Katharina Gröne thought her life was coming to an end after being trapped 5,000 feet up on a mountain.

As Fox 8 reports, Gröne met a woman named Nancy Abell just days before she found herself alone and stuck in a snowstorm at the Stevens Pass mountain resort.

Abell gave Gröne a ride to the resort, and the two hiked the area together for about two hours until Gröne decided to head north on her own.

Abell told Fox 8 that during the two hours she was hiking with Gröne, she tried to convince her not to go north because of the unpredictable weather:

“I felt like, being from Germany, she wasn’t familiar with the Glacier Peak wilderness area, and Glacier Peak creates its own weather, and it can be really bad this time of year. The whole two hours we were hiking together, I was trying to talk her out of it.”

Abell’s fears inevitably came true as Gröne did end up running into some difficulties while hiking. As the snow and sleet continued to close in, Gröne eventually lost her shelter equipment and gloves.

Gröne said she remembered being scared for her life:

“I was screaming for help in the morning because I just had to get the fear out of me. I was screaming all the names I knew and I was just hoping that someone would react.”

While stuck in the bad weather and thinking death might be imminent, she reached out to her family to apologize and say her goodbyes:

“I was not sure I would make it out at all. I already, via WhatsApp, informed my parents. I apologized for dying on the PCT, for risking too much, for being too stupid.”

However, what Gröne didn’t know at the time was that help was on its way.

According to Fox 8, while Gröne feared for her life. Abell continued to worry about her new hiking buddy as she noticed the weather continuously getting worse. That’s when Abell decided to check her maps and located where Gröne might be before calling 911:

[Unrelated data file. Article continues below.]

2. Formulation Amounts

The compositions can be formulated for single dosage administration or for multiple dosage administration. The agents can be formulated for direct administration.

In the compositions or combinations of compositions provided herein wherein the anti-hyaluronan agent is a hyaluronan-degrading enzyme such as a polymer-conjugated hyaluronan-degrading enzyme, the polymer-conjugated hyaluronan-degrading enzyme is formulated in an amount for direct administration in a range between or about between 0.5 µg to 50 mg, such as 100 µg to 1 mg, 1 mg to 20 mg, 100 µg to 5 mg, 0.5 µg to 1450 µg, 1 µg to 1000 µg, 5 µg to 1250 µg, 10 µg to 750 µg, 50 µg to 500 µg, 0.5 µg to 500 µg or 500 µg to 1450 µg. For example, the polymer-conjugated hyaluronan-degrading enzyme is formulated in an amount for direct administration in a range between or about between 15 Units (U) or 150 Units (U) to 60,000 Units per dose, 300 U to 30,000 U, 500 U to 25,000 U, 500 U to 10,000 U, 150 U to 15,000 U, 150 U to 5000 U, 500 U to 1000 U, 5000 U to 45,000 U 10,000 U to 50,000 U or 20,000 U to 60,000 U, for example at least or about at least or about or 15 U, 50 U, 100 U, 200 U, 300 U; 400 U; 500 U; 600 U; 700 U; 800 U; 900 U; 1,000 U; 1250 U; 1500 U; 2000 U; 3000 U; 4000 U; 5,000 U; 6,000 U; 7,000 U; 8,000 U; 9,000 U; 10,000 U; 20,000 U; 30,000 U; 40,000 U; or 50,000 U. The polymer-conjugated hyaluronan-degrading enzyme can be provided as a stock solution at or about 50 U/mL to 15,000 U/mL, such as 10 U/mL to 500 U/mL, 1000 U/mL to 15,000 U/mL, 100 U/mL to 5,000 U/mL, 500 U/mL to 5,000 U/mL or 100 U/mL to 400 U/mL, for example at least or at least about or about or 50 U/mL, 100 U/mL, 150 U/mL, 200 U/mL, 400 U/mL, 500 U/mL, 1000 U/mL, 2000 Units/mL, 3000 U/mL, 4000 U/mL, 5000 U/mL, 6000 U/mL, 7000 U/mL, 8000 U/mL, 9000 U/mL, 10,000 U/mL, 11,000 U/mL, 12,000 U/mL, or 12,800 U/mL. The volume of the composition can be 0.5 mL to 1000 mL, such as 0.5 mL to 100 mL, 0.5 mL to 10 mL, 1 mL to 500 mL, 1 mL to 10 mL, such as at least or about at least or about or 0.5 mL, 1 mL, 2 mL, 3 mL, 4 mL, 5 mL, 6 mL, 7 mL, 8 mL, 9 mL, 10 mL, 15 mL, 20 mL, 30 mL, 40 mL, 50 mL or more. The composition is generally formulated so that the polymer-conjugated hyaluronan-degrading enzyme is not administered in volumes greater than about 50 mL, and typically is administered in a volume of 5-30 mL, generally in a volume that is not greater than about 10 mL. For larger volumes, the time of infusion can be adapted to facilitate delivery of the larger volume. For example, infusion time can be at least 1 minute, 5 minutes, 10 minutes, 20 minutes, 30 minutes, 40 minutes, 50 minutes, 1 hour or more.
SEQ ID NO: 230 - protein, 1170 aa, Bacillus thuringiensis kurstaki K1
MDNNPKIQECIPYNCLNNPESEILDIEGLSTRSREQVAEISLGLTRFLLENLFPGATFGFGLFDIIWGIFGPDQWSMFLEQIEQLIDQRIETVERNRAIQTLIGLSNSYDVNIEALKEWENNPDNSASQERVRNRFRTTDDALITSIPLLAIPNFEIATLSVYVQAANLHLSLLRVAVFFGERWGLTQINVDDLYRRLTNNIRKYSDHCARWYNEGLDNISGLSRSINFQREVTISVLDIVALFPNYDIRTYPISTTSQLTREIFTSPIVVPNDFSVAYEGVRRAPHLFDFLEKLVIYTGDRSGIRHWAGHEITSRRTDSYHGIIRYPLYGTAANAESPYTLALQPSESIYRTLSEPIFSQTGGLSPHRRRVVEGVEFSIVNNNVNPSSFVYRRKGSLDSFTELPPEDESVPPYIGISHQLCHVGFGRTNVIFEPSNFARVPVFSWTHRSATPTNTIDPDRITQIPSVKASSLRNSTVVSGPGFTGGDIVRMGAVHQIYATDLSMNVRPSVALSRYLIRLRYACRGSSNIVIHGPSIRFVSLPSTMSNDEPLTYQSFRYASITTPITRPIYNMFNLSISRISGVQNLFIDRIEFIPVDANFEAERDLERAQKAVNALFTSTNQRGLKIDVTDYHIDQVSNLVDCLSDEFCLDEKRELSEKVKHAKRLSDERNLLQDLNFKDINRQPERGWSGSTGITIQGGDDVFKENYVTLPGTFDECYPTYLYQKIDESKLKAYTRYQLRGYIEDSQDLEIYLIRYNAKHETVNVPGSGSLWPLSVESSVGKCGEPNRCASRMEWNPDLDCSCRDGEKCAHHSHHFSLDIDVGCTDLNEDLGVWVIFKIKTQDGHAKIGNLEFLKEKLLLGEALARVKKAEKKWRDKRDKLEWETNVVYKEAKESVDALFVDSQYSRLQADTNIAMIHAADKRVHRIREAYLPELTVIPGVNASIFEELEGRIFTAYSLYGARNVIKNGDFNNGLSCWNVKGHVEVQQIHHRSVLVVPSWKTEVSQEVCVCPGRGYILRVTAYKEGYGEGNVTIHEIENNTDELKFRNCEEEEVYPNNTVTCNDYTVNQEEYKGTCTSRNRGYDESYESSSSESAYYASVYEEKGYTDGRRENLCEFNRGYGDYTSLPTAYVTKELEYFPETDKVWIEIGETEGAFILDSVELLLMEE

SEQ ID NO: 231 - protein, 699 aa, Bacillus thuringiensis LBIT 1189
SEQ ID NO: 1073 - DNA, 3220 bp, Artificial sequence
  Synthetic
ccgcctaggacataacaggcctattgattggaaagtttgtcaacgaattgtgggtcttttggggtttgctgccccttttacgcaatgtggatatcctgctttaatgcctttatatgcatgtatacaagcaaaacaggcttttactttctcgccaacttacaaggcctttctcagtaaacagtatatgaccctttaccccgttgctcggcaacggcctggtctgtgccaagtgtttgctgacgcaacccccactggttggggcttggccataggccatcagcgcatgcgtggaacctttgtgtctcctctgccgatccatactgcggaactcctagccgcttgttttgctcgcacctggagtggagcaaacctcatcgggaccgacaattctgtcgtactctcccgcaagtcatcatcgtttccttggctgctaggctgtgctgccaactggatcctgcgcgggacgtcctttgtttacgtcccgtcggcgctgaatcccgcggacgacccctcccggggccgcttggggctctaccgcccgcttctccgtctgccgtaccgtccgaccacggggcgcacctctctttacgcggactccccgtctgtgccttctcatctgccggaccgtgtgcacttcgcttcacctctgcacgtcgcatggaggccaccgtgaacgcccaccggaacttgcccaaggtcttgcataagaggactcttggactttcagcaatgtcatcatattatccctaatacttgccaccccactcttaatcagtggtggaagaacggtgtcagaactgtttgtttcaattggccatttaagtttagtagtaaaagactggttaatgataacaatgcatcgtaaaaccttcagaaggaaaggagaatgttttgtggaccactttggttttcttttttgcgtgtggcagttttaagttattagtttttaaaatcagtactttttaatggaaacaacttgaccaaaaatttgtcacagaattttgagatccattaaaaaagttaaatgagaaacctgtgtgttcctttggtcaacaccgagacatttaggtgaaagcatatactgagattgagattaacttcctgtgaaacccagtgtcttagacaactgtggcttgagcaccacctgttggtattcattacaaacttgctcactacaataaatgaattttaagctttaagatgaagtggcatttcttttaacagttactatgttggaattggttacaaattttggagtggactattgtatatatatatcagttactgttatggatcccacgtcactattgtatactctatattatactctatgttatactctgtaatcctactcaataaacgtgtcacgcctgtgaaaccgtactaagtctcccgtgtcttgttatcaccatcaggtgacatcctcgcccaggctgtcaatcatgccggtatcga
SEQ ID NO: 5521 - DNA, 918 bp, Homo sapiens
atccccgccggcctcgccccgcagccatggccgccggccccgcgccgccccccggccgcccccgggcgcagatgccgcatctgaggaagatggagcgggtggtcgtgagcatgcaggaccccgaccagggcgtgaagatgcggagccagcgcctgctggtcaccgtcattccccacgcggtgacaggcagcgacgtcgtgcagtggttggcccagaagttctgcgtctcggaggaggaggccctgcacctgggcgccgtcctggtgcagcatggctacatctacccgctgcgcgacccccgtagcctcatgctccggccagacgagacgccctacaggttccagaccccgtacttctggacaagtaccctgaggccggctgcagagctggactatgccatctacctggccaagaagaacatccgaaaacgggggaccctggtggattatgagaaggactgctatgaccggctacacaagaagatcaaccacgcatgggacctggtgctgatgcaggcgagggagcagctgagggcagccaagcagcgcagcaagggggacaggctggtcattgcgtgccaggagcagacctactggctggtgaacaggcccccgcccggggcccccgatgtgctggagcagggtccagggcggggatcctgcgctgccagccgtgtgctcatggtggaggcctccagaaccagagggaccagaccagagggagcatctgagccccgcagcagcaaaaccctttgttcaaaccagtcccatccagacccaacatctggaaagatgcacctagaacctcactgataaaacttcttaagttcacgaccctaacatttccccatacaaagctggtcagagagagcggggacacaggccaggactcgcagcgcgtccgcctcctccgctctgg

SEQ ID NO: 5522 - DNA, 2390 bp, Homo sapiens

“I couldn’t sleep the night before because I was so worried about her. Anybody, really I would have done the same thing for if I thought they were in peril up there, because I’ve been through it and it’s terrifying.”

Abell listened to her instincts and called the Snohomish County Helicopter Rescue Team for help.

The rescue team was able to find Gröne’s red jacket and footsteps that led them to the distressed hiker’s location. Thankfully, the team was able to extract her via a helicopter.

Bill Quistorf, the chief pilot for the sheriff’s office, wrote in a Facebook post about the rescue:

“Katharina did not need any encouragement to climb aboard SnoHawk 1 and fly off the mountain.”

Gröne said before being stranded, she had little faith in humanity, but the unfortunate situation has since restored that faith:

“The biggest thing, which I have struggled with before I started the PCT, was faith in humanity. My faith in humanity? Definitely restored, so box checked.”

A true friendship was surely formed after this.

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